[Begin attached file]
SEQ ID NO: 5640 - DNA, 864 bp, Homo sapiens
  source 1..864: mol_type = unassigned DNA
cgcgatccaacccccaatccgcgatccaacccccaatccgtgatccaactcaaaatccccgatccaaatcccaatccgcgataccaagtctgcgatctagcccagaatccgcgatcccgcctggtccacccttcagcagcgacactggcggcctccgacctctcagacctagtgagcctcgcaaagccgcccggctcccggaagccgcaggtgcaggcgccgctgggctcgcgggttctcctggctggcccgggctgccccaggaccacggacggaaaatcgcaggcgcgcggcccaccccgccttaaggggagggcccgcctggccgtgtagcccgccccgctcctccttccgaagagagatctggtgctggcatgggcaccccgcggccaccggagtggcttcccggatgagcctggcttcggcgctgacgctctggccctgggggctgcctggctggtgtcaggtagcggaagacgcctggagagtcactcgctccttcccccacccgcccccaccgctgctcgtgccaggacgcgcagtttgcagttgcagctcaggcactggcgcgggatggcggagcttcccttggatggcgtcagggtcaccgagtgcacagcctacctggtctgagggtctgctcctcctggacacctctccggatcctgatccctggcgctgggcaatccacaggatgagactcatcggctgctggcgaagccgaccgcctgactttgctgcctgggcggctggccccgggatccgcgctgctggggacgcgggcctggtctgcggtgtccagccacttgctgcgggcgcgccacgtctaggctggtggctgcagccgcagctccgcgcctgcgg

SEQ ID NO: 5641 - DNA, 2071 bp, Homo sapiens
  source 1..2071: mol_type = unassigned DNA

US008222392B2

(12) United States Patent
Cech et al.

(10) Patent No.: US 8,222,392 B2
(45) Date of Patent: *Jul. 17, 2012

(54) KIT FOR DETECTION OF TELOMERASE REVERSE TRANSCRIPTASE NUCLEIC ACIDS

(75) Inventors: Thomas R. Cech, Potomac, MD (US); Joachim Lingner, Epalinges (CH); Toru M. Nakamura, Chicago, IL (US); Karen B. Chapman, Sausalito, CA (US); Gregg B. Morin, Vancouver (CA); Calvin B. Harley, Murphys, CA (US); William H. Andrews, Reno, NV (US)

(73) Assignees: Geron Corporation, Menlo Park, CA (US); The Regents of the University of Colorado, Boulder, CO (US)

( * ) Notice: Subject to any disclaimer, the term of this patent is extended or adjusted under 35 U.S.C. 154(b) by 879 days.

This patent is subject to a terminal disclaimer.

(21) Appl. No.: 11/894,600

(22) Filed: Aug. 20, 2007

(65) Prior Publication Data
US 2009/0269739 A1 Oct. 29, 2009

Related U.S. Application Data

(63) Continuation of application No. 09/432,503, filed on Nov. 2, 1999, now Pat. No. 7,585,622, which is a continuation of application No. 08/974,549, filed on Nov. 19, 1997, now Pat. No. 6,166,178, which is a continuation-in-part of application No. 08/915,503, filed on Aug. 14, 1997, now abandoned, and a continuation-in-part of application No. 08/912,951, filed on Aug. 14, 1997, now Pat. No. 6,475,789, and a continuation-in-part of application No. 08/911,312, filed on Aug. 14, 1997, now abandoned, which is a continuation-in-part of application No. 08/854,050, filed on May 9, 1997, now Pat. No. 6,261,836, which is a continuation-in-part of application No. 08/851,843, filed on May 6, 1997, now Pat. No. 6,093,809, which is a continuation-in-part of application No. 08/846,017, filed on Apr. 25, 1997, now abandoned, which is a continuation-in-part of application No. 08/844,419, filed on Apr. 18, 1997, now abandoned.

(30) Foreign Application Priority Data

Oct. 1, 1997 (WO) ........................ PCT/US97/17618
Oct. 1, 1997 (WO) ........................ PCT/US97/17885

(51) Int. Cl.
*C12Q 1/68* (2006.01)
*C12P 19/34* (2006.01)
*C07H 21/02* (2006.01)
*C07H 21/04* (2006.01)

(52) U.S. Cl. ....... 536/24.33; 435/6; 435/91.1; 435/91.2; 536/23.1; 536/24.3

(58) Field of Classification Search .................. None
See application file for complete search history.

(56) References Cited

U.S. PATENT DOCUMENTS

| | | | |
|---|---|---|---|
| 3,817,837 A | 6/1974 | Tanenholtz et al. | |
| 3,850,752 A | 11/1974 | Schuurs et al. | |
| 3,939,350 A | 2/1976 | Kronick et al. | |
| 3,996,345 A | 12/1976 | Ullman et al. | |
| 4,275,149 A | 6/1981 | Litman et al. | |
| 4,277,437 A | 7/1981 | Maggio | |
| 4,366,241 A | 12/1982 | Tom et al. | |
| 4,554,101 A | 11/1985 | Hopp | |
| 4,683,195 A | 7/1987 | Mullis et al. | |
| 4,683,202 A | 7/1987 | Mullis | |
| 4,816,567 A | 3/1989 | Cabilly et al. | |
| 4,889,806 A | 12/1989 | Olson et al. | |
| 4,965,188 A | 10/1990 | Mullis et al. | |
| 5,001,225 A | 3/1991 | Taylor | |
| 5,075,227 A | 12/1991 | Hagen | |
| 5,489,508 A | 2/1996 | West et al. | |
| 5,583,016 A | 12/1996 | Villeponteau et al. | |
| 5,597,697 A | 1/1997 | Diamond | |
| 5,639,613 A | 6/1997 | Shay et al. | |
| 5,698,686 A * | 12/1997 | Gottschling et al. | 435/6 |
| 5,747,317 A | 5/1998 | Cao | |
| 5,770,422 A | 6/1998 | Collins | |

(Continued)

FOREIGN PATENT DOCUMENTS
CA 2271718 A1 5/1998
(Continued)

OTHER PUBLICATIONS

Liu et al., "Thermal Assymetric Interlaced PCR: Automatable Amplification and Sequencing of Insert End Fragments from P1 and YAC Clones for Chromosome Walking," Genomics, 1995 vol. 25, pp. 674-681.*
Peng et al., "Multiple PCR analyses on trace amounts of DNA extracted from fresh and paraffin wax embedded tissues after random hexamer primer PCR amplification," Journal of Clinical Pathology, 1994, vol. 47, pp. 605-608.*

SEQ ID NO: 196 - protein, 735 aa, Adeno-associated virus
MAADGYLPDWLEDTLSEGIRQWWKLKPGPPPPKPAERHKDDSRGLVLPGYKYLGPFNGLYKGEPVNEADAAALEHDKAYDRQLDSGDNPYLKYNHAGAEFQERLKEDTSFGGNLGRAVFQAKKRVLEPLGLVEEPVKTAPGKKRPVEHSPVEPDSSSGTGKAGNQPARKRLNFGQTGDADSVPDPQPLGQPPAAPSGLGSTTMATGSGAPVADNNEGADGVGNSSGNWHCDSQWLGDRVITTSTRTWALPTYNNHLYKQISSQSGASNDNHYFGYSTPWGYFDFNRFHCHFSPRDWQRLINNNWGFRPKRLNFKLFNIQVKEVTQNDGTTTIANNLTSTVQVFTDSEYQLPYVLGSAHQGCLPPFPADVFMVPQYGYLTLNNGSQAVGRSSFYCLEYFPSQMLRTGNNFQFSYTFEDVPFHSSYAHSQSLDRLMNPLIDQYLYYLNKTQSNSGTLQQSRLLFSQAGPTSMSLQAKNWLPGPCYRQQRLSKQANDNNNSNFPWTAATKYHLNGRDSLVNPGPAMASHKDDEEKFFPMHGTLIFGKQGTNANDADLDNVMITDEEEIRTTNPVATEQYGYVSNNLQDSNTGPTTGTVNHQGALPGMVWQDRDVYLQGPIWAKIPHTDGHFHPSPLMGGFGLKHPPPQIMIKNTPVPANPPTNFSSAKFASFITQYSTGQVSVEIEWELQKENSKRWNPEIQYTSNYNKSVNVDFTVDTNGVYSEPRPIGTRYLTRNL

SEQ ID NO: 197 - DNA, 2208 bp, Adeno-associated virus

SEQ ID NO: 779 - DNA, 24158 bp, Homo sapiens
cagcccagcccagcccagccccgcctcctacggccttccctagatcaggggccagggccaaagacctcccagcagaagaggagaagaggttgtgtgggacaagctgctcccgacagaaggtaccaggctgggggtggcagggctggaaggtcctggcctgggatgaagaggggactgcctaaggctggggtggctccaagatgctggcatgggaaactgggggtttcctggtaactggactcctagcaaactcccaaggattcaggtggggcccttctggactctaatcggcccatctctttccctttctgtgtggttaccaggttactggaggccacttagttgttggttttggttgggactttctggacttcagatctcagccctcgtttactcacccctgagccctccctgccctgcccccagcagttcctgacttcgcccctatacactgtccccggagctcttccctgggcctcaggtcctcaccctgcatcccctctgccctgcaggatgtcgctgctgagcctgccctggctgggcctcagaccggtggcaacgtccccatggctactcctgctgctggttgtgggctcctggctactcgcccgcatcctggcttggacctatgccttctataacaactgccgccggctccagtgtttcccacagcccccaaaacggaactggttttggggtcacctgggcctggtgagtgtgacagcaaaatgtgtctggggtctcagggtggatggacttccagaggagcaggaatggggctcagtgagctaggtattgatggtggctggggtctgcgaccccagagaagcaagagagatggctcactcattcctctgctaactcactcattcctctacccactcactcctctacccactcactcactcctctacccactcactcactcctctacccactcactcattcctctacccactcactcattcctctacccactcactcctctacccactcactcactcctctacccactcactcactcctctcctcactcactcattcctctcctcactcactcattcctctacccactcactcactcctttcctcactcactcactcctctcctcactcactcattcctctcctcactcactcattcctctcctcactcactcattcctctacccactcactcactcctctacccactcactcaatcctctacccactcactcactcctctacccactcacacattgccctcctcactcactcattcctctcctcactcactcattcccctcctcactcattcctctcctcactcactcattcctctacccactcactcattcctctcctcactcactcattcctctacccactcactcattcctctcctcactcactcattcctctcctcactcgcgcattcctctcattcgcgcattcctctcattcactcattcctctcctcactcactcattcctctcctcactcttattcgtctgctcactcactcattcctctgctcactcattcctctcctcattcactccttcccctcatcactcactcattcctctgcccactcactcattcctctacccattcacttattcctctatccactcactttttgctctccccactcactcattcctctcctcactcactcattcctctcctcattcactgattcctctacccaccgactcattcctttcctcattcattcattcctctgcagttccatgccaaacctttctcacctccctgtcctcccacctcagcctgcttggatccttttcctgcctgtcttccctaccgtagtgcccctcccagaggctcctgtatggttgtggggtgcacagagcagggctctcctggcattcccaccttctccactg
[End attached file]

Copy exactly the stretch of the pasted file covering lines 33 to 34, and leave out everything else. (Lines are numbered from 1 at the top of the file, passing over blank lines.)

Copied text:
(56) References Cited

U.S. PATENT DOCUMENTS